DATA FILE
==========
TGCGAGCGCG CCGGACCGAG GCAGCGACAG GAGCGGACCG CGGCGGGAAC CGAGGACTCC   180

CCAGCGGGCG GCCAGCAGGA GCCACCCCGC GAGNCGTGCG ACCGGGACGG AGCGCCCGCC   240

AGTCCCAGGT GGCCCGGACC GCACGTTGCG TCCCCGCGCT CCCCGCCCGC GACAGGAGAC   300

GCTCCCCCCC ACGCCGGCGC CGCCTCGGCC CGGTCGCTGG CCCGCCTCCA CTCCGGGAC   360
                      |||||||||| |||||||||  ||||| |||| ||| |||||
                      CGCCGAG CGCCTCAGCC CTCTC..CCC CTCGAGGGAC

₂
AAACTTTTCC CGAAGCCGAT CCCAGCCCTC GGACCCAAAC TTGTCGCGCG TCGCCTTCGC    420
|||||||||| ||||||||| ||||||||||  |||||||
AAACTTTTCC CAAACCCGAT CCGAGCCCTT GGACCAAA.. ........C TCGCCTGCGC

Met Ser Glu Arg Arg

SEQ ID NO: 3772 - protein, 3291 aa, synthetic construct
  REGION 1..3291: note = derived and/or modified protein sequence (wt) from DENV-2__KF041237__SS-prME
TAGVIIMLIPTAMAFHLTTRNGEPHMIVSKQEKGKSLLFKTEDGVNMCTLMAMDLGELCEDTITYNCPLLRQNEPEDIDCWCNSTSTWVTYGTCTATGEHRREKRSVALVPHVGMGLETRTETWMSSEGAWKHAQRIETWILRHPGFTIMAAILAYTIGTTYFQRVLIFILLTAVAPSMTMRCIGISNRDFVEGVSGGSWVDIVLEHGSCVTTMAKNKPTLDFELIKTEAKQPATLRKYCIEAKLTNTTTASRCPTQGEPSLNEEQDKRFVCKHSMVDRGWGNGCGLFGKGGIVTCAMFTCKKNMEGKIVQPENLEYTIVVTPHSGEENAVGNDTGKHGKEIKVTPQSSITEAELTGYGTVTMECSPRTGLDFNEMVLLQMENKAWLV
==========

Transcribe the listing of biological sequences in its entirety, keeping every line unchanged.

TGCGAGCGCG CCGGACCGAG GCAGCGACAG GAGCGGACCG CGGCGGGAAC CGAGGACTCC   180

CCAGCGGGCG GCCAGCAGGA GCCACCCCGC GAGNCGTGCG ACCGGGACGG AGCGCCCGCC   240

AGTCCCAGGT GGCCCGGACC GCACGTTGCG TCCCCGCGCT CCCCGCCCGC GACAGGAGAC   300

GCTCCCCCCC ACGCCGGCGC CGCCTCGGCC CGGTCGCTGG CCCGCCTCCA CTCCGGGAC   360
                      |||||||||| |||||||||  ||||| |||| ||| |||||
                      CGCCGAG CGCCTCAGCC CTCTC..CCC CTCGAGGGAC

₂
AAACTTTTCC CGAAGCCGAT CCCAGCCCTC GGACCCAAAC TTGTCGCGCG TCGCCTTCGC    420
|||||||||| ||||||||| ||||||||||  |||||||
AAACTTTTCC CAAACCCGAT CCGAGCCCTT GGACCAAA.. ........C TCGCCTGCGC

Met Ser Glu Arg Arg

SEQ ID NO: 3772 - protein, 3291 aa, synthetic construct
  REGION 1..3291: note = derived and/or modified protein sequence (wt) from DENV-2__KF041237__SS-prME
TAGVIIMLIPTAMAFHLTTRNGEPHMIVSKQEKGKSLLFKTEDGVNMCTLMAMDLGELCEDTITYNCPLLRQNEPEDIDCWCNSTSTWVTYGTCTATGEHRREKRSVALVPHVGMGLETRTETWMSSEGAWKHAQRIETWILRHPGFTIMAAILAYTIGTTYFQRVLIFILLTAVAPSMTMRCIGISNRDFVEGVSGGSWVDIVLEHGSCVTTMAKNKPTLDFELIKTEAKQPATLRKYCIEAKLTNTTTASRCPTQGEPSLNEEQDKRFVCKHSMVDRGWGNGCGLFGKGGIVTCAMFTCKKNMEGKIVQPENLEYTIVVTPHSGEENAVGNDTGKHGKEIKVTPQSSITEAELTGYGTVTMECSPRTGLDFNEMVLLQMENKAWLV